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6-17-09 004_edited-1-2
A Short Training Hitch


3-30-12, La Garita Creek, CO - With most of the major refit work done, I loaded up the trailer and took the team out for a 5 mile jaunt around the block. For the first hitch, Bill and Bob got the chance to pull, while Doc, being ponied behind the trailer, was doing his best to push the trailer with the nose band on his halter.

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The wagon and trailer pulled up behind the Trading Post after I unhitched the team.

Jerry and Bonnieís grandson, Jason, joined me for todayís hitch. He was kind enough to keep an eye on ĎOl Doc and keep me company by talking to me about ... everything!

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It didnít take the lads long to get into the swing of things.  One of the goals of my two week training trip is to work the winter fat off the horses. It was only 70 degrees today, but they worked up a pretty good sweat.

The lads had picked up a few pounds, so I had to let the harnesses out a bit and leave the collar pads out of the collars.  About 3 or 4 weeks of hard work will cause a horseís neck to shrink about 2 inches. One way a Teamster can handle this problem is to leave the collar pads out for the first few weeks, then add them as their necks start to shrink.

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For the test run, I loaded the trailer down with twelve, 80 pound bales of hay and 600 pounds of oats.  I donít mind gas prices going sky high (over nothing but corporate greed) but $14 for a fifty pound sack of oats is enough to make my blood boil!  And if ĎOl Bill gets shorted on his oats - look out.  President Obama, have you ever had to handle a 2000 pound horse with A.D.D. and no oats?  If Bill didnít want to travel so much, he would probably run for President.  That way, the good people of America would get the whole horse; including the front end!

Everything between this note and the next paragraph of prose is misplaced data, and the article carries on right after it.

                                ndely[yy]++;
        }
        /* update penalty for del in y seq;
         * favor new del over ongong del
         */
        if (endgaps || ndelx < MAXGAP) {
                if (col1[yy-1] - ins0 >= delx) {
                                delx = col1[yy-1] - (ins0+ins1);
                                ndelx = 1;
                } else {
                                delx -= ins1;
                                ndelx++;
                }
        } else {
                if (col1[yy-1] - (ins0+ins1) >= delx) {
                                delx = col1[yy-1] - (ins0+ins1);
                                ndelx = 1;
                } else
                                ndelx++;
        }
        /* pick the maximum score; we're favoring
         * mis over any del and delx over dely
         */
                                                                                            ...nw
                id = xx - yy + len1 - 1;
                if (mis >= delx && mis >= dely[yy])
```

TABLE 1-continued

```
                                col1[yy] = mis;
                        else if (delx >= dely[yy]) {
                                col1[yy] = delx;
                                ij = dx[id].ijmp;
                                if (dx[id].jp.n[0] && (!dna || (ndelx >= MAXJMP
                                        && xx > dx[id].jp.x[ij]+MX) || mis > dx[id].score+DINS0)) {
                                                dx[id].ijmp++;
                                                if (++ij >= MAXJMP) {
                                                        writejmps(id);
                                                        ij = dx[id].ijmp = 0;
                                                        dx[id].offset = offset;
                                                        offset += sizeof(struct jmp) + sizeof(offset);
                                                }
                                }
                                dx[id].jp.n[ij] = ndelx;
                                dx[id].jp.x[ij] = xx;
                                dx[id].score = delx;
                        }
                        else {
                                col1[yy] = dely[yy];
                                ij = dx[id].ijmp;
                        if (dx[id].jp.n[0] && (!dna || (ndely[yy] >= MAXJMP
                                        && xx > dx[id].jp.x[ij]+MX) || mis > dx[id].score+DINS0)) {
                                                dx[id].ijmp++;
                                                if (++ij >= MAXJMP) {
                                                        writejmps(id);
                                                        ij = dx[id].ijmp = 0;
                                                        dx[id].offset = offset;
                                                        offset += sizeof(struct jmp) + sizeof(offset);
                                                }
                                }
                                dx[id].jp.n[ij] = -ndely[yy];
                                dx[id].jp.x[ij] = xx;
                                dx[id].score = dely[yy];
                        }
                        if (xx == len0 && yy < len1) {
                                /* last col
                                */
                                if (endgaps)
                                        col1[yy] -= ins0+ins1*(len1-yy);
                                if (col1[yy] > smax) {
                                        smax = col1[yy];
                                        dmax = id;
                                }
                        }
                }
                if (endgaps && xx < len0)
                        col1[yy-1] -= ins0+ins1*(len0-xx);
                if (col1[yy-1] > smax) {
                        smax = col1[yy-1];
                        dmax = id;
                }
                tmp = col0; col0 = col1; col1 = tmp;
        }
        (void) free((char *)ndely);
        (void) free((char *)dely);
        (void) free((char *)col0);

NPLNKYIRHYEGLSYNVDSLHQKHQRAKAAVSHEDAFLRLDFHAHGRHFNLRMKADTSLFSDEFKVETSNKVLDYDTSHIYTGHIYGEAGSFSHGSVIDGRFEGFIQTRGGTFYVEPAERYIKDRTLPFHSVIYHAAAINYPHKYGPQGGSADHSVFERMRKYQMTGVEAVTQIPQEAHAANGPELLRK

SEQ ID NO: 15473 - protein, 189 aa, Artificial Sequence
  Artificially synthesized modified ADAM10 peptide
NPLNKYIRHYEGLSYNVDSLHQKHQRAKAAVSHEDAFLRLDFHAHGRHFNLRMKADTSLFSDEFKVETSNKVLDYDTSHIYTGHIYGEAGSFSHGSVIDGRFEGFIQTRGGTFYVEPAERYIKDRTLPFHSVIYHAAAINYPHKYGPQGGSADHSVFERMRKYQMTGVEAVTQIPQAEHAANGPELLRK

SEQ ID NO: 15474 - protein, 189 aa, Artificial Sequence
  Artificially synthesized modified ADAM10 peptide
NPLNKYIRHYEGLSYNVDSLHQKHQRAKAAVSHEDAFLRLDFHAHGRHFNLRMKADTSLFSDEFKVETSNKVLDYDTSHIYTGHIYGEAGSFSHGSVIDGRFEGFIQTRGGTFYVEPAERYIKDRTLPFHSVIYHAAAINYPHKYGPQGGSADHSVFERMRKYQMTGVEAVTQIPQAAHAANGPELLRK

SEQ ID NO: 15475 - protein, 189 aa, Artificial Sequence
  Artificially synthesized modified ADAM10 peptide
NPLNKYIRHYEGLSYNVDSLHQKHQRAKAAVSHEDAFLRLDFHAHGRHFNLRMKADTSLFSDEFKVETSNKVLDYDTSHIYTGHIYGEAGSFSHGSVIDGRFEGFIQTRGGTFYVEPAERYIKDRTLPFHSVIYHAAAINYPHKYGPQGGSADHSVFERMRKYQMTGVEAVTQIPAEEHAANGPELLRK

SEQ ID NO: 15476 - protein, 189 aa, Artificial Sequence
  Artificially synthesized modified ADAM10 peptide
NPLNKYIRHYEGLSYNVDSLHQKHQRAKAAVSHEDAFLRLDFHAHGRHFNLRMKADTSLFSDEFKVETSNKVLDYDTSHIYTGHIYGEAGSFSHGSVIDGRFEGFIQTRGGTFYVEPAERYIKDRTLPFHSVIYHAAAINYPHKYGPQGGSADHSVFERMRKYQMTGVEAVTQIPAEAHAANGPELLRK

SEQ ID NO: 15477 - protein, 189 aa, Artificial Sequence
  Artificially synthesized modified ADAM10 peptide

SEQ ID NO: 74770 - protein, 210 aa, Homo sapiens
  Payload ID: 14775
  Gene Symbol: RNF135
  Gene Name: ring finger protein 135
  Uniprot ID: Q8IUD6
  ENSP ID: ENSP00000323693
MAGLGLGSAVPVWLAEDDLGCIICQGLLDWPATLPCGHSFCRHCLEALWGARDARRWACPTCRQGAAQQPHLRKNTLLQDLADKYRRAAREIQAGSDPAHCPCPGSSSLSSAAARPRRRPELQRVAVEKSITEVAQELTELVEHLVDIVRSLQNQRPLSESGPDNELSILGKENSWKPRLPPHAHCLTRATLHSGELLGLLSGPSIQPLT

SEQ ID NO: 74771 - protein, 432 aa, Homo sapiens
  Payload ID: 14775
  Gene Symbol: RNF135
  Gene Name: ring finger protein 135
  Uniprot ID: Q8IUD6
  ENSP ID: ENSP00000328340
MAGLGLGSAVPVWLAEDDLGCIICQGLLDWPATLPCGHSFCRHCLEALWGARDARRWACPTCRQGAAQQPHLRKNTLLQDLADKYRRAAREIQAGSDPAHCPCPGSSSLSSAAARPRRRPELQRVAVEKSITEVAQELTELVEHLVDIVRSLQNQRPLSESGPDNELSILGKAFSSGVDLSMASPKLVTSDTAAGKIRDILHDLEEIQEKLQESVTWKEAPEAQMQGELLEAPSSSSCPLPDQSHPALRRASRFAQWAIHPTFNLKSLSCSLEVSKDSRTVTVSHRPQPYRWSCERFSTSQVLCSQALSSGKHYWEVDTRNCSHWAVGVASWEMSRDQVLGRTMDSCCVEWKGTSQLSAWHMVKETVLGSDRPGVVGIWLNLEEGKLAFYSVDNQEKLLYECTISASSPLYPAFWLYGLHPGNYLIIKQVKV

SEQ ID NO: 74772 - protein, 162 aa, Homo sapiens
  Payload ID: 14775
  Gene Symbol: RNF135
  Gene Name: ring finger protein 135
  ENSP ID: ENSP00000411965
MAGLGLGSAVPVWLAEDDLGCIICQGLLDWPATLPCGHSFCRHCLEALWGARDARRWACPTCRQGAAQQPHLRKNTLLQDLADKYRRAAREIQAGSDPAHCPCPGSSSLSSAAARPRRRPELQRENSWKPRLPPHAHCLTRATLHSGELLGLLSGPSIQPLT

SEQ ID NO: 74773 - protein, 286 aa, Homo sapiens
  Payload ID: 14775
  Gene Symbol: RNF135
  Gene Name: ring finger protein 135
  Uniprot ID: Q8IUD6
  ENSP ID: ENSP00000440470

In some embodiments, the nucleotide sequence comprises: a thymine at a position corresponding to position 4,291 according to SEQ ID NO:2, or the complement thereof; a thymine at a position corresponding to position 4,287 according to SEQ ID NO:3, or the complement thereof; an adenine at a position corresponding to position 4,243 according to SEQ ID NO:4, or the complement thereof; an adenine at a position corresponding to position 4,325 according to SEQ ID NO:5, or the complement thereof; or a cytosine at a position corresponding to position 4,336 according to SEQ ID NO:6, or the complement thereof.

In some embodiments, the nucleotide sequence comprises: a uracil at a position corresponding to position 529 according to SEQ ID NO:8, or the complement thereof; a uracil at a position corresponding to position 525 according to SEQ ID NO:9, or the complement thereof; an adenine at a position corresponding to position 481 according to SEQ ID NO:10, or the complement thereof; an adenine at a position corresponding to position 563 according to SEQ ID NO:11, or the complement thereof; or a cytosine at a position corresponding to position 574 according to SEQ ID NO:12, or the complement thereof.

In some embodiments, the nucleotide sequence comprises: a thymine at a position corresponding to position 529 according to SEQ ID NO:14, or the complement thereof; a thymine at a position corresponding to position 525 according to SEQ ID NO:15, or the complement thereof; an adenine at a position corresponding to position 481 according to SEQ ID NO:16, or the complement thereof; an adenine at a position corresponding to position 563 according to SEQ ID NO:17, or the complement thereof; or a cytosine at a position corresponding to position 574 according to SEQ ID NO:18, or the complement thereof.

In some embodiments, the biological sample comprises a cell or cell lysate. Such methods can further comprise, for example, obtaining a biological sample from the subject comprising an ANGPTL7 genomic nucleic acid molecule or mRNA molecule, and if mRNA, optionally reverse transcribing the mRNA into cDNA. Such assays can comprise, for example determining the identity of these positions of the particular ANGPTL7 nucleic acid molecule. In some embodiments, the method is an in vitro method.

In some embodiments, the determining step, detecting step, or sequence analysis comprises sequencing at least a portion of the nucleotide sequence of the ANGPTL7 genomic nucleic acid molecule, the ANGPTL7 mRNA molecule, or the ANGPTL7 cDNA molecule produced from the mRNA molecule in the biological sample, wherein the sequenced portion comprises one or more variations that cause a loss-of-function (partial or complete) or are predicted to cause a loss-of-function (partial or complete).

My new solar system and dual brakes were great.  In fact, the solar system works so well, I turned on the empty refrigerator. My friend Harry (who did the great paint job on the wagon) asked me why I did that?

I replied. ďBecause ... I can! And, it doesnít cost me a dime.  I have so much extra juice, Iím like a rolling utility!

The independent front and rear brakes work great.  I mounted shutoff valves for both sets of brakes in to the cabin so I can use the hydraulic brakes for parking brakes, as well.

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Itís quite a load, but the spring grass has just started coming up in the valley.  By the time I start the big trip, most of my feeding requirements will be met by roadside grass.  For this trip, I have dual fence controllers and more electric rope and stakes, so I can run separate fences off both the front and back of the wagon. If I need to, I can also put out an enclosure for the horses, then run a separate electric fence around their pen and the wagon. This picture also shows my new, ultra bright white strobe light on the left rear roof of the wagon.

As I get closer to the trip, I plan on blogging more.  When Iím on the road, I plan on writing every night - as long as I have an internet signal to post it.